Bernd Debusmann Jr – BBC News. A public meeting that was meant to ease fears about a toxic chemical train spill in East Palestine, Ohio town only heightened anger when the rail firm at the heart of the disaster failed to show up.
Representatives of the Norfolk Southern railway company, whose train carrying the chemicals derailed 13 days ago causing a huge fire, cited security concerns when they pulled out.
After the derailment, emergency crews performed a controlled release of vinyl chloride from five railcars that were at risk of exploding.
Thick plumes of black smoke towered over the town, East Palestine, but crews monitoring the air quality sought to reassure locals that it was going as planned.
Despite those assurances from officials, many residents say they continued to be frightened of the potential harms, which they say had impacted humans and wildlife alike.
Thousands of dead fish have appeared in the creeks in the town, while people told local media that their chickens had died suddenly and that their pets had fallen ill.
Many have reported difficulties getting their water tested, fuelling mistrust at what they see as an ineffective and inadequate response to the crisis.
Even before the event began, the company’s absence left many residents seething.
“They have something to hide. You don’t back out of questions if you know how to answer them,” East Palestine resident Jaime Cozza said. “It was like a bomb went through our town.”
Under the banners and murals of a local high school gymnasium, hundreds of people bombarded officials with repeated – and occasionally profanity-laden – questions about air and water quality.
“I’m just as frustrated. I live in the community, just like you,” said East Palestine’s Mayor Trent Conaway, exhaustion clearly visible on his face. “I’m trying to get answers.”
Just hours before the meeting, Norfolk Southern announced that it would not attend.
In a statement, the company said it had become “increasingly concerned about the growing physical threat” to its employees because of the likelihood of “outside parties” participating.
Lifelong resident Chris Wallace – who remains unable to return to his house near a local creek – told the BBC that many townspeople had long been concerned about the speeds at which trains went through East Palestine, as well as the potential dangers of exhausted staff.
“They should be here answering questions,” he said. “They’ve got a lot to hide. They don’t want us to know anything. They bombed us.”
The BBC has reached out to Norfolk Southern for comment.
On multiple occasions, officials at the meeting were forced to plead with local residents to be civil, with Mayor Conaway telling those in attendance that “we’re all adults here”.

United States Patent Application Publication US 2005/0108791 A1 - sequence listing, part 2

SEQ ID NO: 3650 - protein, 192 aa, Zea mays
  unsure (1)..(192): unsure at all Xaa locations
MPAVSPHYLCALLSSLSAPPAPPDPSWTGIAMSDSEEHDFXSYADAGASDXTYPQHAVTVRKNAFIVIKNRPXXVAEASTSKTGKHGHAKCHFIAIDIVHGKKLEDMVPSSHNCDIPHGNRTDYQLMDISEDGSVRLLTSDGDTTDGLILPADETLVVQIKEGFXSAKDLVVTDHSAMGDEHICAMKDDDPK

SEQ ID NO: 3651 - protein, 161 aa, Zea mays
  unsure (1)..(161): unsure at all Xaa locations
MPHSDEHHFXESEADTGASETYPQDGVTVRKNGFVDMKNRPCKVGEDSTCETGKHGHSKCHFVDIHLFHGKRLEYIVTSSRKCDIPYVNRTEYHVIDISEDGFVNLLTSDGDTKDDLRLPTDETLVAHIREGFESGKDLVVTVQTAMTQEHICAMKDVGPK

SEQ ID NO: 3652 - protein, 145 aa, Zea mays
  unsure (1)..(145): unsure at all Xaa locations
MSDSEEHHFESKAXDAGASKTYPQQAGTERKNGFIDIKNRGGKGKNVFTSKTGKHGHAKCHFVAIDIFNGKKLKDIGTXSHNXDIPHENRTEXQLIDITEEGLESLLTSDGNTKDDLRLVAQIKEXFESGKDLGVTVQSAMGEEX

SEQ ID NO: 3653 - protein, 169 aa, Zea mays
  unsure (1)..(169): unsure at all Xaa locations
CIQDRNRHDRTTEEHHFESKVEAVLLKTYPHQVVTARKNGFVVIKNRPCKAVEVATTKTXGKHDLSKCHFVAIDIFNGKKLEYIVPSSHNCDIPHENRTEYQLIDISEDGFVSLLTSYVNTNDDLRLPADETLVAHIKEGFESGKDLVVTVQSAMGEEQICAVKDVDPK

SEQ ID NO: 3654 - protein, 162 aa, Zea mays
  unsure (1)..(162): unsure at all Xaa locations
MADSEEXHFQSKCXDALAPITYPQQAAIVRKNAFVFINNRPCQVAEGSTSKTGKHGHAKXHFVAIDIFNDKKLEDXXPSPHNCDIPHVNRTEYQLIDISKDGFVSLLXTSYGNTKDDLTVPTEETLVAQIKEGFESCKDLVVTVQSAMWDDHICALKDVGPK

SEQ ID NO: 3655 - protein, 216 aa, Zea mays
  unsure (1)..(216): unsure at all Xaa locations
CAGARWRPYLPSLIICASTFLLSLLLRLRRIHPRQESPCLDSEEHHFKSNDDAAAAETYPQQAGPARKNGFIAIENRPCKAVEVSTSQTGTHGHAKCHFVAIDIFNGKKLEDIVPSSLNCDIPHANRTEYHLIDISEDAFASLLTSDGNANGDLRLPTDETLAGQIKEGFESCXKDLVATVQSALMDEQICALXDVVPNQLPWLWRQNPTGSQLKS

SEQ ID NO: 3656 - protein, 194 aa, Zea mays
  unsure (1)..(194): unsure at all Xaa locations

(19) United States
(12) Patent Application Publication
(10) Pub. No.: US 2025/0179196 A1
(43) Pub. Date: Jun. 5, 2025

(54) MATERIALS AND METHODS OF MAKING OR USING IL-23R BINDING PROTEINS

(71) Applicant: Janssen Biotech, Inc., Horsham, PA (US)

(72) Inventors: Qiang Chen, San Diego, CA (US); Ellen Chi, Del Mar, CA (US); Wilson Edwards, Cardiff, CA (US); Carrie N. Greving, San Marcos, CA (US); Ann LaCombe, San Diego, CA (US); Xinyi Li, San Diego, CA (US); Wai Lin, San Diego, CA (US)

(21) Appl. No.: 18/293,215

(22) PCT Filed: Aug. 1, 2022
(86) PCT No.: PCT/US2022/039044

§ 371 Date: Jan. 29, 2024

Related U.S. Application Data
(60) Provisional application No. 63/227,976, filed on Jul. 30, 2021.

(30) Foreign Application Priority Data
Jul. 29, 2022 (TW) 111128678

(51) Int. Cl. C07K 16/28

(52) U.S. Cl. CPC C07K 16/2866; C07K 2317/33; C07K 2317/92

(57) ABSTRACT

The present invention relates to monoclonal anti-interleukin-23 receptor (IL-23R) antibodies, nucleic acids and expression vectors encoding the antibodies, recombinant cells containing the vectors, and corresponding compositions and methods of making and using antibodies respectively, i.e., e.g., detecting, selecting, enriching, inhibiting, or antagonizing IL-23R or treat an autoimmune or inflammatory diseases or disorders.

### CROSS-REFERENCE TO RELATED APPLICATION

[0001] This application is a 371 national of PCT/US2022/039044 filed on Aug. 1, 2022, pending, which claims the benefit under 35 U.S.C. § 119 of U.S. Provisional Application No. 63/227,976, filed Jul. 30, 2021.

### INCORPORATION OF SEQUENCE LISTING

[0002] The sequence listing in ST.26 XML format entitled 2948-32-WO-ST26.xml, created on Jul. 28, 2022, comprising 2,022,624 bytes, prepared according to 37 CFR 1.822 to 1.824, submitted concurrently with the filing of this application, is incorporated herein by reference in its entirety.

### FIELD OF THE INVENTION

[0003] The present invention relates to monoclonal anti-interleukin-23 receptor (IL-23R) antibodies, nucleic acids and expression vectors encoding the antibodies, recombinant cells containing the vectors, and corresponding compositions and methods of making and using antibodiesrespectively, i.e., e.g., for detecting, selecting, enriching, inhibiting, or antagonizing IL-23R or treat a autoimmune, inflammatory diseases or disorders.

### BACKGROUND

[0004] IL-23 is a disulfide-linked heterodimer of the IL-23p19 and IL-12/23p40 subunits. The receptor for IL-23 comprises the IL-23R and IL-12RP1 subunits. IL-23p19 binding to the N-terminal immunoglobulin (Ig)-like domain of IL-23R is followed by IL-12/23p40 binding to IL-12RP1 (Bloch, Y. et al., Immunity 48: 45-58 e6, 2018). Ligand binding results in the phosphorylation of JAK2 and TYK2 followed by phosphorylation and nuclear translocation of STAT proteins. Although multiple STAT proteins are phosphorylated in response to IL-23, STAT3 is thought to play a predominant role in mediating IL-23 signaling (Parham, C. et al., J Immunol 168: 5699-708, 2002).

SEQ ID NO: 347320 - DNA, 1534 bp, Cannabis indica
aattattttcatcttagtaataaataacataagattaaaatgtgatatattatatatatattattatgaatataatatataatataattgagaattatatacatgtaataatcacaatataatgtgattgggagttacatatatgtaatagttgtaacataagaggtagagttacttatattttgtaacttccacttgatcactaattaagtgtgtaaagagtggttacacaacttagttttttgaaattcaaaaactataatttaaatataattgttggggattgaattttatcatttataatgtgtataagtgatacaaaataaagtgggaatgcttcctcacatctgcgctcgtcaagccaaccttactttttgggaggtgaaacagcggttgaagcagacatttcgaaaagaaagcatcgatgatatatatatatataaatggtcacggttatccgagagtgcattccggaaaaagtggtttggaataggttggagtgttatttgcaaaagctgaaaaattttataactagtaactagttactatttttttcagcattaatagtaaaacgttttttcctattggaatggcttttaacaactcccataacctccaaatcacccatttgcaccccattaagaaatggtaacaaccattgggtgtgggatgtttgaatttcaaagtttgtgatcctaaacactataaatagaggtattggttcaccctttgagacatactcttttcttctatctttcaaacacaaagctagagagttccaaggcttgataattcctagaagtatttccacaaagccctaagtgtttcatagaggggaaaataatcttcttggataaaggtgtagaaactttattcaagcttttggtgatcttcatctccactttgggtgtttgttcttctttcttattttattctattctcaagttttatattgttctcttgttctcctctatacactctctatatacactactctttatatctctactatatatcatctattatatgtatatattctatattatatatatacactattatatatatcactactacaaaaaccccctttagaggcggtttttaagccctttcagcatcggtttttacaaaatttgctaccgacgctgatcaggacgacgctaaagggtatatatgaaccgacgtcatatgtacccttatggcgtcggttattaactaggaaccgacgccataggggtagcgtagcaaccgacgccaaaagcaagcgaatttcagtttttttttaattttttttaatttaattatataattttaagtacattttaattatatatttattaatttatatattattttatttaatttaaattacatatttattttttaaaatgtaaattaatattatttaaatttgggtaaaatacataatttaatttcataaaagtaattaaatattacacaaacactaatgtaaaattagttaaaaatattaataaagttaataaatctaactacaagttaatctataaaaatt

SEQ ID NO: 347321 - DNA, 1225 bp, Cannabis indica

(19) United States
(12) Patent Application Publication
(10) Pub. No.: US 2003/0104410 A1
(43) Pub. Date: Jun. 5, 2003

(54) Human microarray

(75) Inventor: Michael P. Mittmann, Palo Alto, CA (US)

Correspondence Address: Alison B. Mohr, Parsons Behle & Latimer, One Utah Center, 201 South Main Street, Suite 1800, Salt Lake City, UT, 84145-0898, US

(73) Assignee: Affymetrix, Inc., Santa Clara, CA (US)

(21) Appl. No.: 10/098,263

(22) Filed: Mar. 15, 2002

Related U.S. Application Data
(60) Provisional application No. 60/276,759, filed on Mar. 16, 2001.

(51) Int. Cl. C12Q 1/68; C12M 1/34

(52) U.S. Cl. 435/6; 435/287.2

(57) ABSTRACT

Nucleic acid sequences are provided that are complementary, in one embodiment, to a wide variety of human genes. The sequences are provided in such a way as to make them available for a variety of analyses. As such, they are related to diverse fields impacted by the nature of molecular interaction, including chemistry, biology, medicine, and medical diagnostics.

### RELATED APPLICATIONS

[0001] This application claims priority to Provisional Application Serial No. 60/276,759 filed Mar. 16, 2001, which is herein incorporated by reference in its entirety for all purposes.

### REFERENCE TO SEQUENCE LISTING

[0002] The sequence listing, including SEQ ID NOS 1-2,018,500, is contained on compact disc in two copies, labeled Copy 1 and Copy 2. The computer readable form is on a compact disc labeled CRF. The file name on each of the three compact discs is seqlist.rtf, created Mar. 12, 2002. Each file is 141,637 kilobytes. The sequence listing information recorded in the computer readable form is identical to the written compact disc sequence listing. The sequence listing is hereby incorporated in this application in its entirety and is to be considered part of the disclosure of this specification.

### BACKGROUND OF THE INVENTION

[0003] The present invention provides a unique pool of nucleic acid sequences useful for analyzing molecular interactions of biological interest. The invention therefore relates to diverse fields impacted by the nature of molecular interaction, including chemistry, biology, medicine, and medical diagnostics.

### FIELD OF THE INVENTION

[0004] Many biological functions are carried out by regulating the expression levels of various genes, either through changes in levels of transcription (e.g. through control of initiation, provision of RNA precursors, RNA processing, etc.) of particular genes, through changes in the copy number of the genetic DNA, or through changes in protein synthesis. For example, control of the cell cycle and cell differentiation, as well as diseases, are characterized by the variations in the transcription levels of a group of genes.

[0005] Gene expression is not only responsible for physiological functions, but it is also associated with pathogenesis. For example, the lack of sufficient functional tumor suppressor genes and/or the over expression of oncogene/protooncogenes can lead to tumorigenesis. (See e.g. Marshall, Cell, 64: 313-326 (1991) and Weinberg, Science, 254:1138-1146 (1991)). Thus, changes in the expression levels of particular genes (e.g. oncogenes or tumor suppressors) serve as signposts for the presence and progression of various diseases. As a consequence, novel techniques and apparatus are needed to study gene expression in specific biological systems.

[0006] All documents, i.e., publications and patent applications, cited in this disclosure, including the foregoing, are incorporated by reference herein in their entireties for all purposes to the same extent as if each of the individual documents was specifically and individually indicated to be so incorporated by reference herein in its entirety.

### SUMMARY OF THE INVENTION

Mr. Wallace and Ms. Cozza said they are banding together with other locals to bring in outside experts to examine soil and water and bring in an attorney to answer legal questions.
Inside the crowded gymnasium, officials – including US Congressman Bill Johnson – faced repeated questions about what many locals said they see as contradictory and confusing health guidance.
“They kept saying it’s fine to drink the water, but also to drink bottled water,” said Scott McLear. “That’s not an answer. That’s a contradiction, live for everyone to see.”
In the days after the crash, some residents said they experienced headaches and nausea.
After monitoring the air quality, the Environmental Protection Agency said earlier in the week that it had not detected harmful levels of contaminants. It has also been monitoring the air inside hundreds of homes and said it found no chemicals.
While officials at the event acknowledged that the toxins from the derailment had been deadly to wildlife – particularly fish – the head of Ohio’s Health Department, Bruce Vanderhoff, told the crowd that the concentrations of toxins in the air and in water supplies were far below that which could harm humans.
“Why are people getting sick if there’s nothing in the air or the water?,” asked a woman from the bleachers, sparking applause throughout the gymnasium.
Congressman Johnson, for his part, provided what he termed a “common sense” perspective.
“I’m not a doctor, and I’m not a chemist,” he said. “If you’ve got ailments and conditions that you did not have before 3 February, go to your doctor. Get that documented.”
On Thursday, the head of the US Environmental Protection Agency (EPA), Michael Regan, is expected to travel to East Palestine to meet with local officials and assess the response to the derailment.
In a statement, the EPA said that he would discuss the agency’s “air monitoring and work to ensure the health and safety of the community.”
But for some local residents, Mr. Regan’s visit is too little, too late.
“I have absolutely no faith whatsoever,” said a young man who asked only to be identified as Owen. “The answers they are giving could be true. But they aren’t delivering them in a way that’s going to make anybody feel better.”